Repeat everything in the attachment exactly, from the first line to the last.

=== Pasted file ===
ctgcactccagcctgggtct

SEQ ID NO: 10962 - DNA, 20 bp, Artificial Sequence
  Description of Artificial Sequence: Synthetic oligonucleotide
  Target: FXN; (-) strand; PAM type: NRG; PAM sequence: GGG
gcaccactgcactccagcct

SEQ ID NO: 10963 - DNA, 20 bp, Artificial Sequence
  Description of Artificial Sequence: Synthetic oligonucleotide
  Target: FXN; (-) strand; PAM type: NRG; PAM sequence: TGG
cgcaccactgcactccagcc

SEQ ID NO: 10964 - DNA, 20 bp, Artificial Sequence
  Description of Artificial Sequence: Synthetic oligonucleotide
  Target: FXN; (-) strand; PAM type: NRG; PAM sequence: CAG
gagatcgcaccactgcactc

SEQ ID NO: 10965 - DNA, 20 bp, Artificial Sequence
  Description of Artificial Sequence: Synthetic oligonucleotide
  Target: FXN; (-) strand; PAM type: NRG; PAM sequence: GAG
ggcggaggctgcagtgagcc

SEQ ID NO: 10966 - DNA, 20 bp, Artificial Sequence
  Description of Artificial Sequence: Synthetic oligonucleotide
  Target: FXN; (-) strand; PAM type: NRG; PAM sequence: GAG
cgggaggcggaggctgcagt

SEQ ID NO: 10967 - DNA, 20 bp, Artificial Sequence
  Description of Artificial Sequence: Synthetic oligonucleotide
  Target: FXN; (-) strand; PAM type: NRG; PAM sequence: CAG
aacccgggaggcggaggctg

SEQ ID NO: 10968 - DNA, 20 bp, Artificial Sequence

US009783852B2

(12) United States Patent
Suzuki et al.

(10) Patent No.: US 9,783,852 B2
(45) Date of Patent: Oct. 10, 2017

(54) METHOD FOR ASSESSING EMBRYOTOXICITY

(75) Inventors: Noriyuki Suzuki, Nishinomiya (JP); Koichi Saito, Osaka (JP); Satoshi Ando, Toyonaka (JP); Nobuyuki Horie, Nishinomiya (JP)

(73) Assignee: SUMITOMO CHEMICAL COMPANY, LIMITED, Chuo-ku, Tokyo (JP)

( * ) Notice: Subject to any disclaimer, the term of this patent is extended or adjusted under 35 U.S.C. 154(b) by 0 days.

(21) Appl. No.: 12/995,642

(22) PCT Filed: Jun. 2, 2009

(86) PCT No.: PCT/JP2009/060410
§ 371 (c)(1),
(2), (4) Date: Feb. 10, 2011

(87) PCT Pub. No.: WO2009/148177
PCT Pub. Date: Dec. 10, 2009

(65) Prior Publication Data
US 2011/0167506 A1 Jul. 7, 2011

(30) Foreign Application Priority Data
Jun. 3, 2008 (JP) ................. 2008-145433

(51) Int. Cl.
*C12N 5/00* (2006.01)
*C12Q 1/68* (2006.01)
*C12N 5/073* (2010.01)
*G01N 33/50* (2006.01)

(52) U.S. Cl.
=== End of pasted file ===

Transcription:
ctgcactccagcctgggtct

SEQ ID NO: 10962 - DNA, 20 bp, Artificial Sequence
  Description of Artificial Sequence: Synthetic oligonucleotide
  Target: FXN; (-) strand; PAM type: NRG; PAM sequence: GGG
gcaccactgcactccagcct

SEQ ID NO: 10963 - DNA, 20 bp, Artificial Sequence
  Description of Artificial Sequence: Synthetic oligonucleotide
  Target: FXN; (-) strand; PAM type: NRG; PAM sequence: TGG
cgcaccactgcactccagcc

SEQ ID NO: 10964 - DNA, 20 bp, Artificial Sequence
  Description of Artificial Sequence: Synthetic oligonucleotide
  Target: FXN; (-) strand; PAM type: NRG; PAM sequence: CAG
gagatcgcaccactgcactc

SEQ ID NO: 10965 - DNA, 20 bp, Artificial Sequence
  Description of Artificial Sequence: Synthetic oligonucleotide
  Target: FXN; (-) strand; PAM type: NRG; PAM sequence: GAG
ggcggaggctgcagtgagcc

SEQ ID NO: 10966 - DNA, 20 bp, Artificial Sequence
  Description of Artificial Sequence: Synthetic oligonucleotide
  Target: FXN; (-) strand; PAM type: NRG; PAM sequence: GAG
cgggaggcggaggctgcagt

SEQ ID NO: 10967 - DNA, 20 bp, Artificial Sequence
  Description of Artificial Sequence: Synthetic oligonucleotide
  Target: FXN; (-) strand; PAM type: NRG; PAM sequence: CAG
aacccgggaggcggaggctg

SEQ ID NO: 10968 - DNA, 20 bp, Artificial Sequence

US009783852B2

(12) United States Patent
Suzuki et al.

(10) Patent No.: US 9,783,852 B2
(45) Date of Patent: Oct. 10, 2017

(54) METHOD FOR ASSESSING EMBRYOTOXICITY

(75) Inventors: Noriyuki Suzuki, Nishinomiya (JP); Koichi Saito, Osaka (JP); Satoshi Ando, Toyonaka (JP); Nobuyuki Horie, Nishinomiya (JP)

(73) Assignee: SUMITOMO CHEMICAL COMPANY, LIMITED, Chuo-ku, Tokyo (JP)

( * ) Notice: Subject to any disclaimer, the term of this patent is extended or adjusted under 35 U.S.C. 154(b) by 0 days.

(21) Appl. No.: 12/995,642

(22) PCT Filed: Jun. 2, 2009

(86) PCT No.: PCT/JP2009/060410
§ 371 (c)(1),
(2), (4) Date: Feb. 10, 2011

(87) PCT Pub. No.: WO2009/148177
PCT Pub. Date: Dec. 10, 2009

(65) Prior Publication Data
US 2011/0167506 A1 Jul. 7, 2011

(30) Foreign Application Priority Data
Jun. 3, 2008 (JP) ................. 2008-145433

(51) Int. Cl.
*C12N 5/00* (2006.01)
*C12Q 1/68* (2006.01)
*C12N 5/073* (2010.01)
*G01N 33/50* (2006.01)

(52) U.S. Cl.